Ipswich Cup win a special moment for Bundamba boy
WHEN Luke Tarrant was a kid at Bundamba State School, he couldn't have dreamed that one day he'd star at the racetrack next door.
On Saturday, Tarrant rode English-bred Sydney gelding Danchai to victory in the $175,000 Channel Seven Ipswich Cup (2150m).
He won the $2 million Magic Millions Classic on the Gold Coast in January among other big wins but said the Ipswich Cup was special to him.
"It's got a lot of sentimental value because I grew up here,'' Tarrant said, having a smoke outside the jockeys' room after the last race.
"I lived here for the majority of my life with my mother.
"It's also a big race to win. I was born in New South Wales and we ended up here when I was about six. I actually went to school at Bundamba right there and then I went to Silkstone."
Luke's father Mark was a jockey but, at that age, Luke didn't know if he wanted to follow his dad into a life in the saddle.
"I grew up watching my dad race so I went to the races with him every week but at that point in time when I was at Bundamba I wasn't a racing fanatic or anything. I was still too young," he said.
"I knew fairly early on I wanted to be a jockey but I left it late. It sounds weird but I didn't want to tell my dad for some reason. I don't know why.
"My mum always knew I wanted to be a jockey and one day she said: 'You've got to do it.'
His decision paid off, helped by some luck, which included getting the Cup ride on Danchai from top Sydney trainer Chris Waller.
"They actually said no at first and then she (my manager) got a call back five minutes later and said, yeah, put him on. So it was a last-minute spur-of-the-moment sort of thing,'' Tarrant said.
"I watched all the replays so I knew the horse that way but the first I'd been on him was in the mounting enclosure but that happens at least half the time.
"I was just lucky to get on the best horse in the race.''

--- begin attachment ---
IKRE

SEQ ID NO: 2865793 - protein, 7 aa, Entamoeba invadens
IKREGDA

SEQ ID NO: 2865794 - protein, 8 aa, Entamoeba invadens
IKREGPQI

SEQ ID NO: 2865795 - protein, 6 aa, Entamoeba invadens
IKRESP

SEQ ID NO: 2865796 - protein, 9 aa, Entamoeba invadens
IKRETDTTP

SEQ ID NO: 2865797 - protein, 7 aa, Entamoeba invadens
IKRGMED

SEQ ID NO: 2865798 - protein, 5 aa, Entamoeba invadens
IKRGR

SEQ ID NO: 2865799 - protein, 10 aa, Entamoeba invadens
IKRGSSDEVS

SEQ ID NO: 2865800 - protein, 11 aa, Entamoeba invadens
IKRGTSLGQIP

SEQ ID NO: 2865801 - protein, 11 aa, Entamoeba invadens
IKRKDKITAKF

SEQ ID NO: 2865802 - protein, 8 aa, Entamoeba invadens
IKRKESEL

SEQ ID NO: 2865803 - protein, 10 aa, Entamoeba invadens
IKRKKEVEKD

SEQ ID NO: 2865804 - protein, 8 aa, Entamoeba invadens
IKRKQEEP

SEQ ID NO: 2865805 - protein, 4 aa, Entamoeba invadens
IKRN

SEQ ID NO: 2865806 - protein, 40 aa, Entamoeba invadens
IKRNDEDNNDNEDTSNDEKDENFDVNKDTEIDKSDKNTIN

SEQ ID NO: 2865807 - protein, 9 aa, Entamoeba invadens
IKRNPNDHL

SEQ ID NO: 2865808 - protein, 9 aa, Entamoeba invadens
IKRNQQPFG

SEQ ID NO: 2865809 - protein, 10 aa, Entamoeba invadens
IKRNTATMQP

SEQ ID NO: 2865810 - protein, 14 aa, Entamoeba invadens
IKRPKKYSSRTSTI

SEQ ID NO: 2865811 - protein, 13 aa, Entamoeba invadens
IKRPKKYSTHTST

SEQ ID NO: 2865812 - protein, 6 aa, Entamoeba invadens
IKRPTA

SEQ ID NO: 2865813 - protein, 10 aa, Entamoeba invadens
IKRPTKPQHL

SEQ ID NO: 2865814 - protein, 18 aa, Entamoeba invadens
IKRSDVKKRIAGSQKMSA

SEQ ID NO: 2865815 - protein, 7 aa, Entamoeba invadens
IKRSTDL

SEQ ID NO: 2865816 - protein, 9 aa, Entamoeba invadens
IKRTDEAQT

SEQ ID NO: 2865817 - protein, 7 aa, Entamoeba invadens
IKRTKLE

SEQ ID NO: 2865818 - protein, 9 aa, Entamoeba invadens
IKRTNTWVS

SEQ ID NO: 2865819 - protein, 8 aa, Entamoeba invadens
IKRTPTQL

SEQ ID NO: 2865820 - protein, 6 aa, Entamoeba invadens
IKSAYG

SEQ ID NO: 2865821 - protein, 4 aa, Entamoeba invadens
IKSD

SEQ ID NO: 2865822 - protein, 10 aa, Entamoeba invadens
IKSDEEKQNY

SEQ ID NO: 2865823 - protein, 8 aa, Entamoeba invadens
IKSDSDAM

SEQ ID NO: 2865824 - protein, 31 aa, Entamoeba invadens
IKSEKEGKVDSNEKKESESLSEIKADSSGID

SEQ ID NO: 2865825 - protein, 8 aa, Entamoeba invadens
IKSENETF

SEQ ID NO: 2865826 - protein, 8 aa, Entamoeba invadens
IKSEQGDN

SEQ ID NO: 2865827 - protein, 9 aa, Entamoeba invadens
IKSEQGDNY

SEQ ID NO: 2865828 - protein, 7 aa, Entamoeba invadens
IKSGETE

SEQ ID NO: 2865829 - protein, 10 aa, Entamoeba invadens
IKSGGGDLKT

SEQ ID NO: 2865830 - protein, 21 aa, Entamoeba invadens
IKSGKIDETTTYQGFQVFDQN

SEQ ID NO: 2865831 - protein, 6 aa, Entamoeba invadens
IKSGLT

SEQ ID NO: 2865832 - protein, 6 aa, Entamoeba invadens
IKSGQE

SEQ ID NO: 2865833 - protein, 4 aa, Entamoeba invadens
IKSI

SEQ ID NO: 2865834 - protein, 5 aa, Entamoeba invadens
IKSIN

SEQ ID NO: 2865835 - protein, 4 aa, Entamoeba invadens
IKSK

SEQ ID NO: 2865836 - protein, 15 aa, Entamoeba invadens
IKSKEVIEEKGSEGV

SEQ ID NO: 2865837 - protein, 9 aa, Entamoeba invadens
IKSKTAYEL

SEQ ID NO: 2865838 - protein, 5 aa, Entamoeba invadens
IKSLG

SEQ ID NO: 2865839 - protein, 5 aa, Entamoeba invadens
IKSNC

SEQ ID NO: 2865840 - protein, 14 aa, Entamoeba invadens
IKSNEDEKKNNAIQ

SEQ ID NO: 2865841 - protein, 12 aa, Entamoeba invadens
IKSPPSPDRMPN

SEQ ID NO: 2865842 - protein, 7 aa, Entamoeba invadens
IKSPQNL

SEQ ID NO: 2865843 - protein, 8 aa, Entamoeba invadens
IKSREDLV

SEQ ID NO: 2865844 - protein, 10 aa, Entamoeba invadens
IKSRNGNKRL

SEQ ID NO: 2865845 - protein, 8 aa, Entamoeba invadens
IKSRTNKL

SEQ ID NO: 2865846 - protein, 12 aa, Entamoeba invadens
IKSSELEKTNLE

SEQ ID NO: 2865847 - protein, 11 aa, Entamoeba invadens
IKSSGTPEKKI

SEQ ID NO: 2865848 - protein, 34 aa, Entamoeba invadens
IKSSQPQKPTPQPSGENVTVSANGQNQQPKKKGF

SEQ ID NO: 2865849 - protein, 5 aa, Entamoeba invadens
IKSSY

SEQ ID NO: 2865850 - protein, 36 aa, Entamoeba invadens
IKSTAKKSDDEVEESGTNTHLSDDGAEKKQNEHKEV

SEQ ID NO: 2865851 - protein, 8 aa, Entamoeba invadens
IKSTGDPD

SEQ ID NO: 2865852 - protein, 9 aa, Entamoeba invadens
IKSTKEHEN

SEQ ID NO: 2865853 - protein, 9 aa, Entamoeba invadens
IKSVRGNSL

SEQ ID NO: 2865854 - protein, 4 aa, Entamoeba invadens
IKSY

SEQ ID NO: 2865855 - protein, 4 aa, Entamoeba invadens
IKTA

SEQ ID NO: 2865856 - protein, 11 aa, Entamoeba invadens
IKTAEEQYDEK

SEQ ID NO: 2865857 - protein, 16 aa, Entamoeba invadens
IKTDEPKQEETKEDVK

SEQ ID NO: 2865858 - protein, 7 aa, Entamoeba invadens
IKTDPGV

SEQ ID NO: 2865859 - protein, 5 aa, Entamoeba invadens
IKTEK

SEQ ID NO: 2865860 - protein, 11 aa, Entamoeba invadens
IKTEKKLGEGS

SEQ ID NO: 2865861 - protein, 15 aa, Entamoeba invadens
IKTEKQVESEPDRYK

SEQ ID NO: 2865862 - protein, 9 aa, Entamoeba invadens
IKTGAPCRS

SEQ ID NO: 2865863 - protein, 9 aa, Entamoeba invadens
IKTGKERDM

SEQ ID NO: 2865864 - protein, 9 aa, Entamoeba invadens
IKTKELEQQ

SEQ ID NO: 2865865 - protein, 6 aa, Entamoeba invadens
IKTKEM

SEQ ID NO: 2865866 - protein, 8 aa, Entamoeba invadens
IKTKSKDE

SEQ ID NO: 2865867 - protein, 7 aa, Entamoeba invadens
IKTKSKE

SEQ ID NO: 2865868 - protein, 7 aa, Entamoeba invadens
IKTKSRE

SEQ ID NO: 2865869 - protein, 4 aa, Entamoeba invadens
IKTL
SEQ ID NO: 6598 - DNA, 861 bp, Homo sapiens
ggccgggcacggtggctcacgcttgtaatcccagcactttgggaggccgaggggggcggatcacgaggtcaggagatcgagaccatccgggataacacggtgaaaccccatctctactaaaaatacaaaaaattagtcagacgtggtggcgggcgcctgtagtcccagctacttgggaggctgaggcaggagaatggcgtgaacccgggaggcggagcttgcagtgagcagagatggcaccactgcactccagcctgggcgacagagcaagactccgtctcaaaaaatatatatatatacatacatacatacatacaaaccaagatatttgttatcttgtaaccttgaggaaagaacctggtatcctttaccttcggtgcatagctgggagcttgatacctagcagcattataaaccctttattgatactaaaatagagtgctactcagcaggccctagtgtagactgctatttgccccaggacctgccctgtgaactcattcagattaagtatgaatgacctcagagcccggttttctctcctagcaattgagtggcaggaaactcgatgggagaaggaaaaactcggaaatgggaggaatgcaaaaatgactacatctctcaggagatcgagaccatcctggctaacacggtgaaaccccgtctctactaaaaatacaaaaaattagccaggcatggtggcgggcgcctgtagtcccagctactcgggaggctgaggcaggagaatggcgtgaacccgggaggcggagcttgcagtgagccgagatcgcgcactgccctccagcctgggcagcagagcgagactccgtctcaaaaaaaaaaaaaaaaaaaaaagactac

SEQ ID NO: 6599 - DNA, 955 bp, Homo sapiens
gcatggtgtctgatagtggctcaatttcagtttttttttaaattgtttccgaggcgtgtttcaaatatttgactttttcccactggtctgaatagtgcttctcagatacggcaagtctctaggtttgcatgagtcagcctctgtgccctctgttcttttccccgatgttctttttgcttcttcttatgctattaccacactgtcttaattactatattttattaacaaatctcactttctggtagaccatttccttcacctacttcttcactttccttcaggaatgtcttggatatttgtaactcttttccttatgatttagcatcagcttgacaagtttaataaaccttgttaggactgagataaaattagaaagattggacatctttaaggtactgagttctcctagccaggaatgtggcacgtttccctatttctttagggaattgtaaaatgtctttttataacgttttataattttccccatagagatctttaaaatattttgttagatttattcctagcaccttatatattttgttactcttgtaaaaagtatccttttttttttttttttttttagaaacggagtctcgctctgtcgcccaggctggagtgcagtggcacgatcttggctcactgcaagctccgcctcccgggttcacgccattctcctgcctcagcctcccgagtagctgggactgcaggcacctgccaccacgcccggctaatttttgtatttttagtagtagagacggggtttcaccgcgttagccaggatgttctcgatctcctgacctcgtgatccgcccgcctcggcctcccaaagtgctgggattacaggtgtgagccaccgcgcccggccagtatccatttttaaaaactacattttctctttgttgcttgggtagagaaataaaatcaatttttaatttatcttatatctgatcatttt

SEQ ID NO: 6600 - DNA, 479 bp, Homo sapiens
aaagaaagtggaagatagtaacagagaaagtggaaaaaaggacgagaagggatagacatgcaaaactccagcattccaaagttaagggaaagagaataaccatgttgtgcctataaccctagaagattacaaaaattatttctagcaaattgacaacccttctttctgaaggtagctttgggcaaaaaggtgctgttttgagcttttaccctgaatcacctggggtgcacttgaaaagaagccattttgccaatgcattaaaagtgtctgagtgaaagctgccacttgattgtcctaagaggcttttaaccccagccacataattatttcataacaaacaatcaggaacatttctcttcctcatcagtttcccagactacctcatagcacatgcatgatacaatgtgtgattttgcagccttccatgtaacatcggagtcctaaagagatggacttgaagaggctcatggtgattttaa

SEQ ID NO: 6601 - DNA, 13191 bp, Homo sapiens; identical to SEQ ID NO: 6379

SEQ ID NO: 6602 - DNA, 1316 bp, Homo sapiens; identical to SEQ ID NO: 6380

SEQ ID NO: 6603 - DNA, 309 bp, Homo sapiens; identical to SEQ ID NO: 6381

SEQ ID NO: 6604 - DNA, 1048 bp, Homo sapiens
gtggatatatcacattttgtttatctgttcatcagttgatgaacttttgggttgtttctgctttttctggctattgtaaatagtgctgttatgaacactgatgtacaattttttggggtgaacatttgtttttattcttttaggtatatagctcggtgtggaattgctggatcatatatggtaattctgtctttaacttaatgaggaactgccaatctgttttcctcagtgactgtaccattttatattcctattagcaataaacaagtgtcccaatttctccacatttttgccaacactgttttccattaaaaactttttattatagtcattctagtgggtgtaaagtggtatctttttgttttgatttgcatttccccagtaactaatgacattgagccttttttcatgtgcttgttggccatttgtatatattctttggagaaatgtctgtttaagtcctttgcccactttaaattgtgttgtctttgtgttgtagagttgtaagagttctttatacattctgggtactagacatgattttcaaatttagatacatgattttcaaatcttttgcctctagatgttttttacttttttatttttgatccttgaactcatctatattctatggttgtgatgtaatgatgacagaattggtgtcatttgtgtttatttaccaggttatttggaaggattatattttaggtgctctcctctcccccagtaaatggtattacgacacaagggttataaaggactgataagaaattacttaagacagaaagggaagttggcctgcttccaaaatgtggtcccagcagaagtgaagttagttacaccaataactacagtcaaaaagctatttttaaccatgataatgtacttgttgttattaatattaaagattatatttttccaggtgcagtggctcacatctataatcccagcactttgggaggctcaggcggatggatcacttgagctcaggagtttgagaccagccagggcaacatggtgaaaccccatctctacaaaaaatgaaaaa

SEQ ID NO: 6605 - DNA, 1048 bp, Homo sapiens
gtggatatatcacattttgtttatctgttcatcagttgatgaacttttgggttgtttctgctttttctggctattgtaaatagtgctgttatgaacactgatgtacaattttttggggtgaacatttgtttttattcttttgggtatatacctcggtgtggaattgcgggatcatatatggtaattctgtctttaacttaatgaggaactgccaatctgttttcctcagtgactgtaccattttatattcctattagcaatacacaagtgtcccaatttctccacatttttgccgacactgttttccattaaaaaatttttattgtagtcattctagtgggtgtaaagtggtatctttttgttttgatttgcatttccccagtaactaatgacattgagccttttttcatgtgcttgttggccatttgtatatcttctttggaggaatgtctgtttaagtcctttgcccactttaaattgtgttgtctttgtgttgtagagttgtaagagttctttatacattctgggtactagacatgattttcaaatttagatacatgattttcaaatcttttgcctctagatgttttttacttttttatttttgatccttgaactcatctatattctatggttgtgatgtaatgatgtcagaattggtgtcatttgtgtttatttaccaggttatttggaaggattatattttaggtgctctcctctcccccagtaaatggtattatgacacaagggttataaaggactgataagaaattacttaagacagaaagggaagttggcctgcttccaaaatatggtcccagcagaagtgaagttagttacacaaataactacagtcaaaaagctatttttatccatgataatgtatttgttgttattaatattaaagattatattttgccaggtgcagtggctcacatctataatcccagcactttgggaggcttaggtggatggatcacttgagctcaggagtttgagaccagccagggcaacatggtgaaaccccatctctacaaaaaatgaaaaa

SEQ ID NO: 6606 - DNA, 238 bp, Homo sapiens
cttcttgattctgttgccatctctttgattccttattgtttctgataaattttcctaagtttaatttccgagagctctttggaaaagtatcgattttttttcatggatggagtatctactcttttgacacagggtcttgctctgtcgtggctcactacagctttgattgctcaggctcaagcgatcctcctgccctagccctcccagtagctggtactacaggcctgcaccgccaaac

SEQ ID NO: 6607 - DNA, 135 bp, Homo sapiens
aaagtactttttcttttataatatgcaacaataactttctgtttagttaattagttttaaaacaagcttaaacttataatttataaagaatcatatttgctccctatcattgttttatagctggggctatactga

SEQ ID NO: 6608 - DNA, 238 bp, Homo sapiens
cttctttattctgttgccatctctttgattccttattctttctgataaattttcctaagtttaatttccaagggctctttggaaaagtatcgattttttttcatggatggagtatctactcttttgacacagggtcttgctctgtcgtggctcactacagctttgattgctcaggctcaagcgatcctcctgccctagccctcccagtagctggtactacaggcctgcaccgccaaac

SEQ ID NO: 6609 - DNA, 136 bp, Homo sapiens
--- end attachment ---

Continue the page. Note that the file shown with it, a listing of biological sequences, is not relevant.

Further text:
Having said that, when the race started, Tarrant thought Danchai was going to be outpaced by his rivals.
"To be honest, after leaving the gates I thought I was in a bit of trouble," he said.
"I didn't think I was going to be able to keep up with the pace they had going but Sydney horses have a way to just relax.
"Here everyone wants to be on the bridle. They just fall asleep and relax.
"Once I figured out he just wanted to relax and do his own thing, we just travelled all the way round just doing lovely work and then I popped him the question and he just found from the 600 onwards.
"We even copped a bit of a check coming into the turn and a lot of horses wouldn't pick themselves up and win after that but he showed a lot of heart to run over the top of them and still win.
"It was a big run and it showed the class of Sydney horses."
Danchai had also been entered for an $85,000 race at Rosehill.
Waller's representative at Ipswich on Saturday, Andre Rabbett, said the stable as glad it pulled the right rein.
"They decided there's good money on offer and if you're running around for less money over a similar distance in possibly a harder race in Sydney, once the fields came out, we decided to put him on the truck," Rabbett said.